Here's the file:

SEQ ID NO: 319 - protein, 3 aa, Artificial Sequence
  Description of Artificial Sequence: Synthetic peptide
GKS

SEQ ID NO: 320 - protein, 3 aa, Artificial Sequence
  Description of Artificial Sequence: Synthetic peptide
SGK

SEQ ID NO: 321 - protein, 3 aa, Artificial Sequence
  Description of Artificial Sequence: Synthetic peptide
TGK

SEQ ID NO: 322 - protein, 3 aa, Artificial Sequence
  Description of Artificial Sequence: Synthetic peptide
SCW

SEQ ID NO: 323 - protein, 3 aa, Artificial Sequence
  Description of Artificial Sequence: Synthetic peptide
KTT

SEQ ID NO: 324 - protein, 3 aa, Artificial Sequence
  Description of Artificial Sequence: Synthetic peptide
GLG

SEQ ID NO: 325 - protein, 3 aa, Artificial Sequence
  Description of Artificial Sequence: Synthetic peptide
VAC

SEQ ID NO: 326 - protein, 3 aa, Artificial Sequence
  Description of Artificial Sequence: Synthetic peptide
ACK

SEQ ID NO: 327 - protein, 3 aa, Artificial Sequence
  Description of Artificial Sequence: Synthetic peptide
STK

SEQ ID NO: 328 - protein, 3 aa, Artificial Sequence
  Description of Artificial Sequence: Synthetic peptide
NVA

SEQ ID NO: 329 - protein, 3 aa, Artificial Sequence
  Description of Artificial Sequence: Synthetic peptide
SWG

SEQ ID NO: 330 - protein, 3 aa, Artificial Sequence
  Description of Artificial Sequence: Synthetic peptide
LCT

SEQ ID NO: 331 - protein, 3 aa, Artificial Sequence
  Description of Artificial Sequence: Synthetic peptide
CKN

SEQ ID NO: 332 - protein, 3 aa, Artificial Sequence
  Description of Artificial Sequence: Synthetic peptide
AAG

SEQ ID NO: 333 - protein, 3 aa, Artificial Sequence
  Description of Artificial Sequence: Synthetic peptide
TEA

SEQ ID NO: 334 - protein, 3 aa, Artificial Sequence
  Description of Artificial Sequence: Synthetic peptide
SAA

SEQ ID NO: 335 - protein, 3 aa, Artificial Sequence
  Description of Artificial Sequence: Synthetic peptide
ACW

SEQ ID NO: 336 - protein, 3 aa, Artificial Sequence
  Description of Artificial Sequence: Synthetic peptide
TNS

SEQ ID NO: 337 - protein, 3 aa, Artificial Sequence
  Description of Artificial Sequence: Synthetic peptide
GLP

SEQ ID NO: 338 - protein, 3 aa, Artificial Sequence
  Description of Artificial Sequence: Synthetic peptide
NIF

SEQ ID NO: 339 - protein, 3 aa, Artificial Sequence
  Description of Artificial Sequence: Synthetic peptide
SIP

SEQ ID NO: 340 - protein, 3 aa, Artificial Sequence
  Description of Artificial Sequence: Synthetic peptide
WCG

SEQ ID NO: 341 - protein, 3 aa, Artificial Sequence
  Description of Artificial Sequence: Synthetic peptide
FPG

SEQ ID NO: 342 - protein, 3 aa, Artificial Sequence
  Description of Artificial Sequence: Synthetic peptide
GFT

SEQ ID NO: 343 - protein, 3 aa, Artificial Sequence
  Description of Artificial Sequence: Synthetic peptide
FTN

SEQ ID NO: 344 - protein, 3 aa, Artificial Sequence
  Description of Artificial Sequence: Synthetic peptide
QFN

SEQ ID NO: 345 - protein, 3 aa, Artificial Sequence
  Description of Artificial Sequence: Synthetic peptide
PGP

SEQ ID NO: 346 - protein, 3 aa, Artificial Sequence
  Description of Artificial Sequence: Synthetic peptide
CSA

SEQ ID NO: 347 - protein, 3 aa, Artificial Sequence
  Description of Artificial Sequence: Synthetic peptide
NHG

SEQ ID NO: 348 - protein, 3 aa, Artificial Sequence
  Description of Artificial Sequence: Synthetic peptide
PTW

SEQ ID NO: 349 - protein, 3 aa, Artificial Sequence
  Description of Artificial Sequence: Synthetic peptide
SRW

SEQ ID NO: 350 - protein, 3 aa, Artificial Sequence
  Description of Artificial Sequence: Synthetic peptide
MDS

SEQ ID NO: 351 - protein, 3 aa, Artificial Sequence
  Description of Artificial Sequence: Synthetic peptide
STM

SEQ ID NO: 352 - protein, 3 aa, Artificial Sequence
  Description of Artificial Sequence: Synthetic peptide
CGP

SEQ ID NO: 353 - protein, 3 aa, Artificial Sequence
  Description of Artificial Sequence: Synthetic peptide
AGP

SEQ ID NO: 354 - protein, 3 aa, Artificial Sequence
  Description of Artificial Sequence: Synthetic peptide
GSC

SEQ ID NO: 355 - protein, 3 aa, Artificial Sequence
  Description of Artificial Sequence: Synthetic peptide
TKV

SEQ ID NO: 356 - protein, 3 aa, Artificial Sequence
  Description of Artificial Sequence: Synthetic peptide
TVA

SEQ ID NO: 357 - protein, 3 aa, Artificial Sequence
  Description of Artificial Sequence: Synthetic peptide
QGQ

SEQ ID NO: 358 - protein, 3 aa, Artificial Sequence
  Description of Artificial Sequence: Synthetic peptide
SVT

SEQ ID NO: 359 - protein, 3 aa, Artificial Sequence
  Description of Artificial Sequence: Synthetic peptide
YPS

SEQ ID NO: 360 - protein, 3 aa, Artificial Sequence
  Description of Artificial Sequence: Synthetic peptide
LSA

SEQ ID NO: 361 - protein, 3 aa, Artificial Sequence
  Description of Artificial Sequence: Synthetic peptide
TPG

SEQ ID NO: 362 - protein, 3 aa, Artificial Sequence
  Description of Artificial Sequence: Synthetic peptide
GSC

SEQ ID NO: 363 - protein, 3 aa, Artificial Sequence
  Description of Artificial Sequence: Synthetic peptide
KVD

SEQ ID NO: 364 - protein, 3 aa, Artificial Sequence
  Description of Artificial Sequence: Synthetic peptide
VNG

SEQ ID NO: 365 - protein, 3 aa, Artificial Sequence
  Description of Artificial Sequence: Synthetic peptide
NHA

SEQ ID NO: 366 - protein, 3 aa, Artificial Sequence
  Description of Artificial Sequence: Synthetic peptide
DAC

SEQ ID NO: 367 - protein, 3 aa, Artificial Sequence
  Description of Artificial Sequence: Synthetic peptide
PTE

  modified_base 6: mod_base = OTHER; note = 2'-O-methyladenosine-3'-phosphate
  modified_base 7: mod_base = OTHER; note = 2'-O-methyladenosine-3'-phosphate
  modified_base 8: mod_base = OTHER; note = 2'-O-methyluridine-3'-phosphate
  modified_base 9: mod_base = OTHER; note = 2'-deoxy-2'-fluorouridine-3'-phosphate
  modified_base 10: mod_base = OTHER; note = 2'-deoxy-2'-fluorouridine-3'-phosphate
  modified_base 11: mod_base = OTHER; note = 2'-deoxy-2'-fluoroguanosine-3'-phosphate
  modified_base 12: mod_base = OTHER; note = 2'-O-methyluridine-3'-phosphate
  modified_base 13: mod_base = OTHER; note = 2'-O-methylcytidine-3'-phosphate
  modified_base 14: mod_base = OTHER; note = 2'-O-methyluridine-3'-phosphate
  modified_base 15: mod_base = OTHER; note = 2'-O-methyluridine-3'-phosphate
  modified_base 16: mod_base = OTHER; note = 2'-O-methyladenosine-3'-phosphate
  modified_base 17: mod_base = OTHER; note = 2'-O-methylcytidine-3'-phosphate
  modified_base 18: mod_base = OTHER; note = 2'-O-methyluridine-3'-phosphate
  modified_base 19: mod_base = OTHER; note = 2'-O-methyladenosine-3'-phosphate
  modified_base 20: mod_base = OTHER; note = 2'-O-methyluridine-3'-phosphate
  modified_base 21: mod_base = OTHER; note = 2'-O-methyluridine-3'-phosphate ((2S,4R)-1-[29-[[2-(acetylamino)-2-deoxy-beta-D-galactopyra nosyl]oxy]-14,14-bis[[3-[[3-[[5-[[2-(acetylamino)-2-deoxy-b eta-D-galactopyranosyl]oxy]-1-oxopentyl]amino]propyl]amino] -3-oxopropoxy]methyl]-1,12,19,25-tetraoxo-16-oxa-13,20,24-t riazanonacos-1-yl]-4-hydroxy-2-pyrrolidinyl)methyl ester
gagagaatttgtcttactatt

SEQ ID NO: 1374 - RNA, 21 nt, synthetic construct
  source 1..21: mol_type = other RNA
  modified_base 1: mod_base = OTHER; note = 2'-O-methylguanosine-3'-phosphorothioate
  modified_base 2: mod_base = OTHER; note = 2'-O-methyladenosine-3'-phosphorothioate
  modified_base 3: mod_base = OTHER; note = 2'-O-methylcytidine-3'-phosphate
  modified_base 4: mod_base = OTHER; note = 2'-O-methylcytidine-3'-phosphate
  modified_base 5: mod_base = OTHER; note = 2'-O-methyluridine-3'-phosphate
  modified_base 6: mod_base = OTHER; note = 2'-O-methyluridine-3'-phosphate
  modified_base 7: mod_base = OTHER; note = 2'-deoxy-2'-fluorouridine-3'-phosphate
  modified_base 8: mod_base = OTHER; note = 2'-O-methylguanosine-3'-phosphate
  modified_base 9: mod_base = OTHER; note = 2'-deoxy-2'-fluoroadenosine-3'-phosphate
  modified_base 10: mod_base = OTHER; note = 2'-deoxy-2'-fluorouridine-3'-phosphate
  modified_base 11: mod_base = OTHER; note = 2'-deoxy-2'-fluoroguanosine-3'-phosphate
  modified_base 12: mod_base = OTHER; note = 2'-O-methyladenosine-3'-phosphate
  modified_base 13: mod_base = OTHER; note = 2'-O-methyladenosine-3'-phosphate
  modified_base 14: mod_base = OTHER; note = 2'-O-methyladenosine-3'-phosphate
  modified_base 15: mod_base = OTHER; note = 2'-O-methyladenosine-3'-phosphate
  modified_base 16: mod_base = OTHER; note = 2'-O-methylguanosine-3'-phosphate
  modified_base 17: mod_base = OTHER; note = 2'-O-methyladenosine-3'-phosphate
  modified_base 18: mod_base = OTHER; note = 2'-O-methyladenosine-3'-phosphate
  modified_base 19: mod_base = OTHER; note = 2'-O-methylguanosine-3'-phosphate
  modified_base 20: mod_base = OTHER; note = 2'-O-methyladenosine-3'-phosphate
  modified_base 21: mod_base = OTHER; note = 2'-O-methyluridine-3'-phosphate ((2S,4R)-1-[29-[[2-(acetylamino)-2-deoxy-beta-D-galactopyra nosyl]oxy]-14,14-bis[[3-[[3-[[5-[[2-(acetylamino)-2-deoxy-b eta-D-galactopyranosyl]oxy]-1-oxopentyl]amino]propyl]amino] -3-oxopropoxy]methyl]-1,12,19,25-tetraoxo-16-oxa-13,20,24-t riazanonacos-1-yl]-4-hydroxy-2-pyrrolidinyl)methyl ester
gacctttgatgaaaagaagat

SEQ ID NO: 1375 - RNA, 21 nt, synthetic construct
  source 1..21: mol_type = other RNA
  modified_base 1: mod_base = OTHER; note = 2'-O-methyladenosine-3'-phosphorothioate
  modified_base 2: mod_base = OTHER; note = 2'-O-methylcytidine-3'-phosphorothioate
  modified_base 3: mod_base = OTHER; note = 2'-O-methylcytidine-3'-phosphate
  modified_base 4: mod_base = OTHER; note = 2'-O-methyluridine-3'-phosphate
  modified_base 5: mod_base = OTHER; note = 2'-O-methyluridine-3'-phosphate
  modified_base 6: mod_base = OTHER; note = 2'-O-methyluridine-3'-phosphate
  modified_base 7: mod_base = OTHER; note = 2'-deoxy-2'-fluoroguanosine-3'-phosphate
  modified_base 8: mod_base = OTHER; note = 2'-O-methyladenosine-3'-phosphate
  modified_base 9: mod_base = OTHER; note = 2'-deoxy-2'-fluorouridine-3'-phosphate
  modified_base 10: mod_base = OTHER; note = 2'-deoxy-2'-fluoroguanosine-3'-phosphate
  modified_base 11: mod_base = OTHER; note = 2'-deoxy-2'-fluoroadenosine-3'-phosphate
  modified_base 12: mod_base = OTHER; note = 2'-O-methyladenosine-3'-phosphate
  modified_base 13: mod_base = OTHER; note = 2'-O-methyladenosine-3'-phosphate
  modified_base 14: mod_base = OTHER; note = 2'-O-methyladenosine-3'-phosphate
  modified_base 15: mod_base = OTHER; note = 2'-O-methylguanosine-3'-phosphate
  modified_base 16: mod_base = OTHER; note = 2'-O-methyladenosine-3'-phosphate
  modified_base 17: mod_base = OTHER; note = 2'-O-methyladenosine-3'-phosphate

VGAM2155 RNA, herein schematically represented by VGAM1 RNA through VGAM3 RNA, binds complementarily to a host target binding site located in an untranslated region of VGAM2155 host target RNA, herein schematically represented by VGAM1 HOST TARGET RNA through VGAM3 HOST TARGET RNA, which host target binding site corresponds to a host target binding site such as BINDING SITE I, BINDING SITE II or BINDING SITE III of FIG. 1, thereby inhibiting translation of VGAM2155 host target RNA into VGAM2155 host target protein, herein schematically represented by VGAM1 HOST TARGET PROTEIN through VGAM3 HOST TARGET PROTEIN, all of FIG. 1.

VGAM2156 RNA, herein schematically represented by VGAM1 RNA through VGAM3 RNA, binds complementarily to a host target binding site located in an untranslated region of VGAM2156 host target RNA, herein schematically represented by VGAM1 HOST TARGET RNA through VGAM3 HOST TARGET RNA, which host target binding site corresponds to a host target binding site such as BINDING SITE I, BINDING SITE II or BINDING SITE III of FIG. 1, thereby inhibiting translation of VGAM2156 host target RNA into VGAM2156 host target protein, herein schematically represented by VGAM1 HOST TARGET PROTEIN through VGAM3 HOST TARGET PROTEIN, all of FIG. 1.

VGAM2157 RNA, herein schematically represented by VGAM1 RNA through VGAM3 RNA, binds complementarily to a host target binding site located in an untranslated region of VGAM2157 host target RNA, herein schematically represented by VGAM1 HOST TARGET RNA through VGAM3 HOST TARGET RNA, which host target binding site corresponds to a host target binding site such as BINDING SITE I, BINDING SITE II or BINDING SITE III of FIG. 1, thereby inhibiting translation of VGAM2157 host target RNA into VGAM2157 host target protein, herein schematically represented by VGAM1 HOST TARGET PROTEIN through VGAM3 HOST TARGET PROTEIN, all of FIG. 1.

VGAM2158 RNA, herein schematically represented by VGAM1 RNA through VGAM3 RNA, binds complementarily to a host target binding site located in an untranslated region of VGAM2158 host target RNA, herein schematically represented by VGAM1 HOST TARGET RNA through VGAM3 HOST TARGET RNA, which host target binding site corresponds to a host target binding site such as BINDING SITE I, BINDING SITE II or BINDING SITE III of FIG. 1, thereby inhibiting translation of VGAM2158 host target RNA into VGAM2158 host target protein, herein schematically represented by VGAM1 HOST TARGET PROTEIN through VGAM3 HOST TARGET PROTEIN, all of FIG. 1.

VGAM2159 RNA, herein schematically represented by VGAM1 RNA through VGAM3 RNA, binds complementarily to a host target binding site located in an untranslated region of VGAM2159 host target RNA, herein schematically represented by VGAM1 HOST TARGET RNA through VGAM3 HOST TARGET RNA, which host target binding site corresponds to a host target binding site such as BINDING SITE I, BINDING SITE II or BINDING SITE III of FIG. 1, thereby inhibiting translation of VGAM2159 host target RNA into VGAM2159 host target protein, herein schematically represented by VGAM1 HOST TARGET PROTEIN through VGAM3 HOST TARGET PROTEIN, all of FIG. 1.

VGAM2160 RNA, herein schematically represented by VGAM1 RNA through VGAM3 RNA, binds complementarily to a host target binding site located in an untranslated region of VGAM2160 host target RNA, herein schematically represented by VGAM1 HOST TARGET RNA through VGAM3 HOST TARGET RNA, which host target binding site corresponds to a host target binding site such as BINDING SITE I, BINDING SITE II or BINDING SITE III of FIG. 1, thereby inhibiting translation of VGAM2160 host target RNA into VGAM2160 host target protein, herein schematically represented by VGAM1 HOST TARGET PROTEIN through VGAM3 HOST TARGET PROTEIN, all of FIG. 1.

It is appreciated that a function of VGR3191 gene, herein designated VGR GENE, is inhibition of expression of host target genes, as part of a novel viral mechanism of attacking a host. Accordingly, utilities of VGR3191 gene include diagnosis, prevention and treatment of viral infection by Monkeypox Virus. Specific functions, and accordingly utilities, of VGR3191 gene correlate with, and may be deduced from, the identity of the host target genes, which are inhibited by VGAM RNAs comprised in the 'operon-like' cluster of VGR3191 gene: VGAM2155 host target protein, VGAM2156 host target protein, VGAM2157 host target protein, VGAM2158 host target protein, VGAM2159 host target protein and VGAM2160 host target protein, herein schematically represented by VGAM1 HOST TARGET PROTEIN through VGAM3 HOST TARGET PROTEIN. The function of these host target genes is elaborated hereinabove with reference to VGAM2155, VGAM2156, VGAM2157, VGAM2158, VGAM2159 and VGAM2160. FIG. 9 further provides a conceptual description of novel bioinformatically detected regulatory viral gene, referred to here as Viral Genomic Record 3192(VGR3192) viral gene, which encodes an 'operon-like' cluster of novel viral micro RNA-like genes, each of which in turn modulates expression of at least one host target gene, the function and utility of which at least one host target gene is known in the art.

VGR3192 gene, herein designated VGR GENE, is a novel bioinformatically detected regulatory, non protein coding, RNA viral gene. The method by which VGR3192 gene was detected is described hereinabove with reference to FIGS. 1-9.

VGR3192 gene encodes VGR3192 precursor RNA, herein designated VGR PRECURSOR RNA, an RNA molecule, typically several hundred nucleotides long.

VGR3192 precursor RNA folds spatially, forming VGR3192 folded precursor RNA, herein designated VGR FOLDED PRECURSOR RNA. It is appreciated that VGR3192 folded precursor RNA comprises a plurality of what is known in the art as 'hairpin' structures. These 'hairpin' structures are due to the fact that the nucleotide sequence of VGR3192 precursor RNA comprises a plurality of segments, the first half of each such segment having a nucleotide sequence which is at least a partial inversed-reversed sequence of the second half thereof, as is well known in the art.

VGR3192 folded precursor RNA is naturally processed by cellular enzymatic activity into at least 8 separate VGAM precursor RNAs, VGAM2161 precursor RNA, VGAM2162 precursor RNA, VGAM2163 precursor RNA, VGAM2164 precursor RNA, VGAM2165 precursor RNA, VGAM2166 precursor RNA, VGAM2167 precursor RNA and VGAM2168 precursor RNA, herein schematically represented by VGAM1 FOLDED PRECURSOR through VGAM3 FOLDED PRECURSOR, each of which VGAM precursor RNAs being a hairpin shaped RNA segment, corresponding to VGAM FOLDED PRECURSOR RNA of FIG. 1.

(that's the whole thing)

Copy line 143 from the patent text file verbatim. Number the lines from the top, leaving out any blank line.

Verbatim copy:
  Description of Artificial Sequence: Synthetic peptide